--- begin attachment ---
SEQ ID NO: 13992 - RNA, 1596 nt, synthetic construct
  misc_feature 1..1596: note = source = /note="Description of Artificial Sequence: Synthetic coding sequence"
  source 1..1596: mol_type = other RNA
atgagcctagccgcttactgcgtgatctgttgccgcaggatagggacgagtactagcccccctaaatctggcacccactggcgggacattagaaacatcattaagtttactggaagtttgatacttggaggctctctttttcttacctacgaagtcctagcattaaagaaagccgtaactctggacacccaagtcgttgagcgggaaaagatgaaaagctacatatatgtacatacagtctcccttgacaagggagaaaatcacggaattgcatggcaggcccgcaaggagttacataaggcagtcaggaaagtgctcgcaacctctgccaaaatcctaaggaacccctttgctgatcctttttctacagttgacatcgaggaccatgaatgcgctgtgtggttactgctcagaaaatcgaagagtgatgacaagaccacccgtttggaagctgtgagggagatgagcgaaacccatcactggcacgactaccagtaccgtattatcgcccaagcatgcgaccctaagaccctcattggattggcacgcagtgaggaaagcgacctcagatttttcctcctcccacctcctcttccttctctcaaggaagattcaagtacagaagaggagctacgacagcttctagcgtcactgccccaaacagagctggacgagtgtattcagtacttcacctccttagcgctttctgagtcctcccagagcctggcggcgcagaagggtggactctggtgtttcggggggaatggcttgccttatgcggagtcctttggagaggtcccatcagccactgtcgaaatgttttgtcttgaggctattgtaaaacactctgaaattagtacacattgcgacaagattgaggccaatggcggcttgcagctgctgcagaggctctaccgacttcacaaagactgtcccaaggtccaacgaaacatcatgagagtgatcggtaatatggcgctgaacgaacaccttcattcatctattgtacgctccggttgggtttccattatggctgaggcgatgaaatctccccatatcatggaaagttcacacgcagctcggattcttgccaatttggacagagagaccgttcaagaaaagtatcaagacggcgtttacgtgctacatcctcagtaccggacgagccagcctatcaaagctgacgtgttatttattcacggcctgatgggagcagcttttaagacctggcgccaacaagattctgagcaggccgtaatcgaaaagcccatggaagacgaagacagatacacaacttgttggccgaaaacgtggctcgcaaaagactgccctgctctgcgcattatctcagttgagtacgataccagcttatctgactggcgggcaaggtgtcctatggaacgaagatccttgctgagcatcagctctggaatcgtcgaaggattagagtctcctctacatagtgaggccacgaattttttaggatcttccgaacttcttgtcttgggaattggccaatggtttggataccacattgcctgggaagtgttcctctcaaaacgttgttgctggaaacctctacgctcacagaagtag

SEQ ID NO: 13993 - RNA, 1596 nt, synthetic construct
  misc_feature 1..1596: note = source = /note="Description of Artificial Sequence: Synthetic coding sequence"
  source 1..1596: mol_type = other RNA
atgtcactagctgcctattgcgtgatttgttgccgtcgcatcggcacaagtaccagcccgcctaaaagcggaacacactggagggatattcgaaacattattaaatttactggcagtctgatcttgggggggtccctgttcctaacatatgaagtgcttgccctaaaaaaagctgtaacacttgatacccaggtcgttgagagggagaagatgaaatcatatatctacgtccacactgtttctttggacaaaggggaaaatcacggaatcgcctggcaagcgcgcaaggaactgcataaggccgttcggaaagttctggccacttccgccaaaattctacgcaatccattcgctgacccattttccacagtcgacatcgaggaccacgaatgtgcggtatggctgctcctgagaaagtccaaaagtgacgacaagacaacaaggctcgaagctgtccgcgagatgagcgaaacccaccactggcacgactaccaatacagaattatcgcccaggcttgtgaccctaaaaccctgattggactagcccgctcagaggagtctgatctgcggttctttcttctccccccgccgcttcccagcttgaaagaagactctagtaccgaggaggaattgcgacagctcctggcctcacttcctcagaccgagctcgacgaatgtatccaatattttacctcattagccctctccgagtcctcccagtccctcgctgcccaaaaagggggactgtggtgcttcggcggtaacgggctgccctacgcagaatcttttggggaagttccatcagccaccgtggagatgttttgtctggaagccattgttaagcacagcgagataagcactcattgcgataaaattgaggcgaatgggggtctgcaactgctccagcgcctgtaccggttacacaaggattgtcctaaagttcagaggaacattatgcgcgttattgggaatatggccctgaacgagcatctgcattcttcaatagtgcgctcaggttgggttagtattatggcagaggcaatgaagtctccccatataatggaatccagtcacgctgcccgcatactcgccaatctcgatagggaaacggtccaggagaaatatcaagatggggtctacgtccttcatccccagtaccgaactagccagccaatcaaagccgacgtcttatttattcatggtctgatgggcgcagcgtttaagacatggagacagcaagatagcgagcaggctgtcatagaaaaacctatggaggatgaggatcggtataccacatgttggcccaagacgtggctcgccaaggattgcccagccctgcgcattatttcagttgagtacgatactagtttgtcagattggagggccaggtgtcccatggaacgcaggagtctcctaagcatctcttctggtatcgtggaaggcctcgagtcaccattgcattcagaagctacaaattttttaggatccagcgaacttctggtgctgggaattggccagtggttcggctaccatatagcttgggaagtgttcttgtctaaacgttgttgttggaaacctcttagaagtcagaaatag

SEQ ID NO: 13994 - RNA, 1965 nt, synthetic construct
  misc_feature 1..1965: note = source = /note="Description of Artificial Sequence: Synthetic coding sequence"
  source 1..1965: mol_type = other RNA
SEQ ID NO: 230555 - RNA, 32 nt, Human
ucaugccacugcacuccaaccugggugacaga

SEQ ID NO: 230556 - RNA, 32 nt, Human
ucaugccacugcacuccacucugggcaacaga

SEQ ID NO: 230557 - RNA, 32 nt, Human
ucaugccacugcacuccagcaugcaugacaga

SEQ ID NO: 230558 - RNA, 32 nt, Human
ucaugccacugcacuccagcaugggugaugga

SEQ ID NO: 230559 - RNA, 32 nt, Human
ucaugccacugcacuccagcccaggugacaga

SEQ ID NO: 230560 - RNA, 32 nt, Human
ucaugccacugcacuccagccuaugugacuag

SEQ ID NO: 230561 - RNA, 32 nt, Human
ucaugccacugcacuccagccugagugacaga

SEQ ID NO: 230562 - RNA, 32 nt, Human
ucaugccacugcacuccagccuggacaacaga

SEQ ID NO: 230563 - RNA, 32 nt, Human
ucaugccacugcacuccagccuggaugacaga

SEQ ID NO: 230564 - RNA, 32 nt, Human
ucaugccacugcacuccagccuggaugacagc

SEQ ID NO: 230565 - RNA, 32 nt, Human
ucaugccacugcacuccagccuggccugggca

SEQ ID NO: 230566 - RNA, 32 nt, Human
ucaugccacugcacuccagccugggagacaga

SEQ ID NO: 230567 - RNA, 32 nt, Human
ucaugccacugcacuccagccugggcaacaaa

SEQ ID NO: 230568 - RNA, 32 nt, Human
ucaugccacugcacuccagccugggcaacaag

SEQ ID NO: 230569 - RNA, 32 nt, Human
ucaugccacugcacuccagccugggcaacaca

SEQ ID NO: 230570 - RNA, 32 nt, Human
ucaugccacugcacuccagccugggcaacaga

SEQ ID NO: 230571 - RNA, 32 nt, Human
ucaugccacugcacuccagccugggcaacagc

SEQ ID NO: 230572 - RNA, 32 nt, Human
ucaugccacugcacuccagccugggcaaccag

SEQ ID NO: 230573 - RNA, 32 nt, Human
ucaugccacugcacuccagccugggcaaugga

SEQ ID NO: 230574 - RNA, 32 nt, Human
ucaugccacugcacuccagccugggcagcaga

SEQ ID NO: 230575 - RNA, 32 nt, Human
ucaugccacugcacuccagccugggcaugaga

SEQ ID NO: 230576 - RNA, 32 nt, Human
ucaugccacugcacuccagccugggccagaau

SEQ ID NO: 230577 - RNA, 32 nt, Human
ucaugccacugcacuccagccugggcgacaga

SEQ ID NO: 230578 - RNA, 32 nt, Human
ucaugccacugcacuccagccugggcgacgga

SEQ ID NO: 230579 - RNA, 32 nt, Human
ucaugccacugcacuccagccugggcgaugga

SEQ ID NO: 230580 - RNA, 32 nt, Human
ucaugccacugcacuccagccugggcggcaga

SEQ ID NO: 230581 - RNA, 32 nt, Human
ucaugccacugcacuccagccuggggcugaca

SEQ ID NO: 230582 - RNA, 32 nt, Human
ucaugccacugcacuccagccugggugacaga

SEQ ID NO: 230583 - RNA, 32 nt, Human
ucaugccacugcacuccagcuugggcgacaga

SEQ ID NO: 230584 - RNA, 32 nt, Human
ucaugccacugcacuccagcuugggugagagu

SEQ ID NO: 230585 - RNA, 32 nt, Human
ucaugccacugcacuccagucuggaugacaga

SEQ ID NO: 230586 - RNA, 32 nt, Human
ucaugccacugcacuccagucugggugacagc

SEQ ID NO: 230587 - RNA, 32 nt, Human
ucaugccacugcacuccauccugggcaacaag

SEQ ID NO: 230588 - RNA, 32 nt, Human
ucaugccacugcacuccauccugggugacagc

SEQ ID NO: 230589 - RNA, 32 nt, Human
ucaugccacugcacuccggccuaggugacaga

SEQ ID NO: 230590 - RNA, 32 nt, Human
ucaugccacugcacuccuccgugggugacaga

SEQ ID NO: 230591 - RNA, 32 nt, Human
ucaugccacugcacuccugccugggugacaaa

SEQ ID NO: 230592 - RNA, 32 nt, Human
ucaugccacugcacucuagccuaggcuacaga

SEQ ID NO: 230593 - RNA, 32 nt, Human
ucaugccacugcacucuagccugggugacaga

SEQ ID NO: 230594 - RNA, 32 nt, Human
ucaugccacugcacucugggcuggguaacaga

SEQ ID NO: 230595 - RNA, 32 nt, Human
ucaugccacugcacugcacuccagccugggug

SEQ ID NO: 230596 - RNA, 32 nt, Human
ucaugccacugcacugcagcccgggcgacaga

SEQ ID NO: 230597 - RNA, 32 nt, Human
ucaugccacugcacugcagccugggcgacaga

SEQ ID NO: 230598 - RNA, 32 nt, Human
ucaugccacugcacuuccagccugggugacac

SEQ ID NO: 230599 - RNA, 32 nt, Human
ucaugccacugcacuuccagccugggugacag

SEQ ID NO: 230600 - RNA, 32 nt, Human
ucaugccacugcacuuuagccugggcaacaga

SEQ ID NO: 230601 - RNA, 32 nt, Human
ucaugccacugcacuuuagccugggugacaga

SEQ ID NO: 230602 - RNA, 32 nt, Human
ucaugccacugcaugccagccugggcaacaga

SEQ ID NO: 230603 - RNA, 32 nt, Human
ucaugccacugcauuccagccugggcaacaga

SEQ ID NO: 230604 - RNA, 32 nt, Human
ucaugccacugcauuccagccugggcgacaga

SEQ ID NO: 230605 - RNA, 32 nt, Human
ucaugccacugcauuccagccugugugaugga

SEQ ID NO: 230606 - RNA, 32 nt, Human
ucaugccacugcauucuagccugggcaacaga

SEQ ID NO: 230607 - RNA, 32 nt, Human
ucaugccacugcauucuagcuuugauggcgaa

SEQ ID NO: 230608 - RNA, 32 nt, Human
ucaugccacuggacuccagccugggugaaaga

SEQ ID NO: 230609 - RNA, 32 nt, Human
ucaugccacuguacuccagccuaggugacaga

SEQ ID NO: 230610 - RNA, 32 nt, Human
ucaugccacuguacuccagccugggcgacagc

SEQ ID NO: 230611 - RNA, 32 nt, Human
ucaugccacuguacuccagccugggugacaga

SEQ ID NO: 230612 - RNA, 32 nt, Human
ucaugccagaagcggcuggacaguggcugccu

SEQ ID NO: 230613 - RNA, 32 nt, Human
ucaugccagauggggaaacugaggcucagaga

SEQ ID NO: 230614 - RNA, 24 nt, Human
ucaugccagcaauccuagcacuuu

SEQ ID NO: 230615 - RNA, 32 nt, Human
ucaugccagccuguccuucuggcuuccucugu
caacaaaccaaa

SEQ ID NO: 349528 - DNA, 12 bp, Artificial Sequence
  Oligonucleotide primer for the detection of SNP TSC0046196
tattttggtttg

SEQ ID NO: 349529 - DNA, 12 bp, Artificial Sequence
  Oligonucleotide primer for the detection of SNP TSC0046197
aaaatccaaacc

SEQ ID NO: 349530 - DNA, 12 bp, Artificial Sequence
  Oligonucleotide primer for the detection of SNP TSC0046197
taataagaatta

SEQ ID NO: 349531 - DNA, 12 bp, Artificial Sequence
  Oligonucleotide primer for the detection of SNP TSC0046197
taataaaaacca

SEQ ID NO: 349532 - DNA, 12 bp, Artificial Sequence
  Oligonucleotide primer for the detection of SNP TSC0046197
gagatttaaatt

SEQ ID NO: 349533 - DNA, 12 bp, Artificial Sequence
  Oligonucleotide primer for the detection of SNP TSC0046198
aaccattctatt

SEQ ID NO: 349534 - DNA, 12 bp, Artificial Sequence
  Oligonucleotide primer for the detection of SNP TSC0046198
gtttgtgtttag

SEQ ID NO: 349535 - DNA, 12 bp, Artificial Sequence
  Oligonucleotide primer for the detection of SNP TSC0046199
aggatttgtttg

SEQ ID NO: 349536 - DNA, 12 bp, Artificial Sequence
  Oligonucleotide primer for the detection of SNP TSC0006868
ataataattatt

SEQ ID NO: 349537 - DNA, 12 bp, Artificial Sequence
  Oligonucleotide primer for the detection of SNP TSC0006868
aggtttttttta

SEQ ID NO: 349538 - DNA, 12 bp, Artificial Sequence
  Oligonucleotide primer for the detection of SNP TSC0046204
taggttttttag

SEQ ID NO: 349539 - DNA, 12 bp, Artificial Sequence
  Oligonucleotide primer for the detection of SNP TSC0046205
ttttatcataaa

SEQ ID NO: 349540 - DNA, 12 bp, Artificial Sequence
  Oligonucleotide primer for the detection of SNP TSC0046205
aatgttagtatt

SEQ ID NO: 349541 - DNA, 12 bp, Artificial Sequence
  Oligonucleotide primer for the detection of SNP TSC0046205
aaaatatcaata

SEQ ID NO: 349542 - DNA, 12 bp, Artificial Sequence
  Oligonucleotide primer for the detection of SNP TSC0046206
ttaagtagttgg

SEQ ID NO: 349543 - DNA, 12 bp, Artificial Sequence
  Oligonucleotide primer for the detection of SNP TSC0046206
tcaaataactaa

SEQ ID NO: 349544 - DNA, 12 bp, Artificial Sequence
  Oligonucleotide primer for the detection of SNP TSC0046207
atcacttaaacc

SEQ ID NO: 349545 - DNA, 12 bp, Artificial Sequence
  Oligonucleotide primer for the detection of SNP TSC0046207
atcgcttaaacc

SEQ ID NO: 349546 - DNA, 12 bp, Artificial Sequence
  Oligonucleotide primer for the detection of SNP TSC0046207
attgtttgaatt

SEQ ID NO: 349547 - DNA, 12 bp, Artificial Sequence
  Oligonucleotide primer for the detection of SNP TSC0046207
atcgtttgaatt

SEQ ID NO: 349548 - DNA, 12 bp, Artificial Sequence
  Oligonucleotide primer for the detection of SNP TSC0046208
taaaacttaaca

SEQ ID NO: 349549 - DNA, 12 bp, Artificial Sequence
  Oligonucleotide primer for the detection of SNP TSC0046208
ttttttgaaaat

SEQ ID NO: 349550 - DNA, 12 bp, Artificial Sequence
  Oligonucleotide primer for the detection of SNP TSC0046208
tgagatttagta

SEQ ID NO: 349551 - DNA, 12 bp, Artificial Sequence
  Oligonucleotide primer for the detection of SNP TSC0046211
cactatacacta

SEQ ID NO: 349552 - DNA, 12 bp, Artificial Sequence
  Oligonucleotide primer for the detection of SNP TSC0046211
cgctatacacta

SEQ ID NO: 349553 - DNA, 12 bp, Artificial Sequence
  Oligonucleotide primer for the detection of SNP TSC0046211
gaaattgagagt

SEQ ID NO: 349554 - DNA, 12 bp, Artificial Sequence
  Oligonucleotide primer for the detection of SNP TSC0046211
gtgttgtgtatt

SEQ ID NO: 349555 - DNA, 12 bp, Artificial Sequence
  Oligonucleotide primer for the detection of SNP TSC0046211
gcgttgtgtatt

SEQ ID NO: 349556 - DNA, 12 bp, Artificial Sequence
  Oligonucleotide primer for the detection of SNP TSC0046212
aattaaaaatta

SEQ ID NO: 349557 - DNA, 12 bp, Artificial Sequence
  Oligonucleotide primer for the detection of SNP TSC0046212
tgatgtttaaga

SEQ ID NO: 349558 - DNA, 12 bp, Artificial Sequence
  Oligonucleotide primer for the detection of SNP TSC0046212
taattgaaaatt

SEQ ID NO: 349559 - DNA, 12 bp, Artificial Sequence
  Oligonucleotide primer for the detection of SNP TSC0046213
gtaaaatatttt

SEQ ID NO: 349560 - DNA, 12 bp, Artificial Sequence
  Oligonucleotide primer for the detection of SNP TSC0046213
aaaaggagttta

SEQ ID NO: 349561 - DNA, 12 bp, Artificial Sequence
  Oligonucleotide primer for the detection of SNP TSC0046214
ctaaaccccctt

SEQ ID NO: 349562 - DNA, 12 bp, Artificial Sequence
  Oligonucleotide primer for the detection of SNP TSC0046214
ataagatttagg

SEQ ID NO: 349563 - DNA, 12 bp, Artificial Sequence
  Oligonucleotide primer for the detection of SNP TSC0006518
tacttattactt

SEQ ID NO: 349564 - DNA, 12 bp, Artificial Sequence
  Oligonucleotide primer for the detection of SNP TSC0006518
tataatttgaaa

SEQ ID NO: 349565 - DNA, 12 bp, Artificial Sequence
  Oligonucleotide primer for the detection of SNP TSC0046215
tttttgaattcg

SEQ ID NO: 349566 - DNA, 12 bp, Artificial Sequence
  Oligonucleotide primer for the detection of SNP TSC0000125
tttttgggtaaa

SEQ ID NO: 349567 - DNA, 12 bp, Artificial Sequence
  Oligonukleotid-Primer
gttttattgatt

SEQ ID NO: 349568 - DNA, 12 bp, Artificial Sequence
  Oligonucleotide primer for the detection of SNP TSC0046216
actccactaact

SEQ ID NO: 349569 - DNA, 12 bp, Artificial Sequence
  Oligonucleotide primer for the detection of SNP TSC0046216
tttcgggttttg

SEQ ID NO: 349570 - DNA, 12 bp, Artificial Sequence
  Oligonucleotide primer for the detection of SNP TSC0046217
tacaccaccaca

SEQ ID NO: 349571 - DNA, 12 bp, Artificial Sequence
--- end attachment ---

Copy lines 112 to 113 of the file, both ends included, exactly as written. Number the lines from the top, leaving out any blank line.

SEQ ID NO: 230605 - RNA, 32 nt, Human
ucaugccacugcauuccagccugugugaugga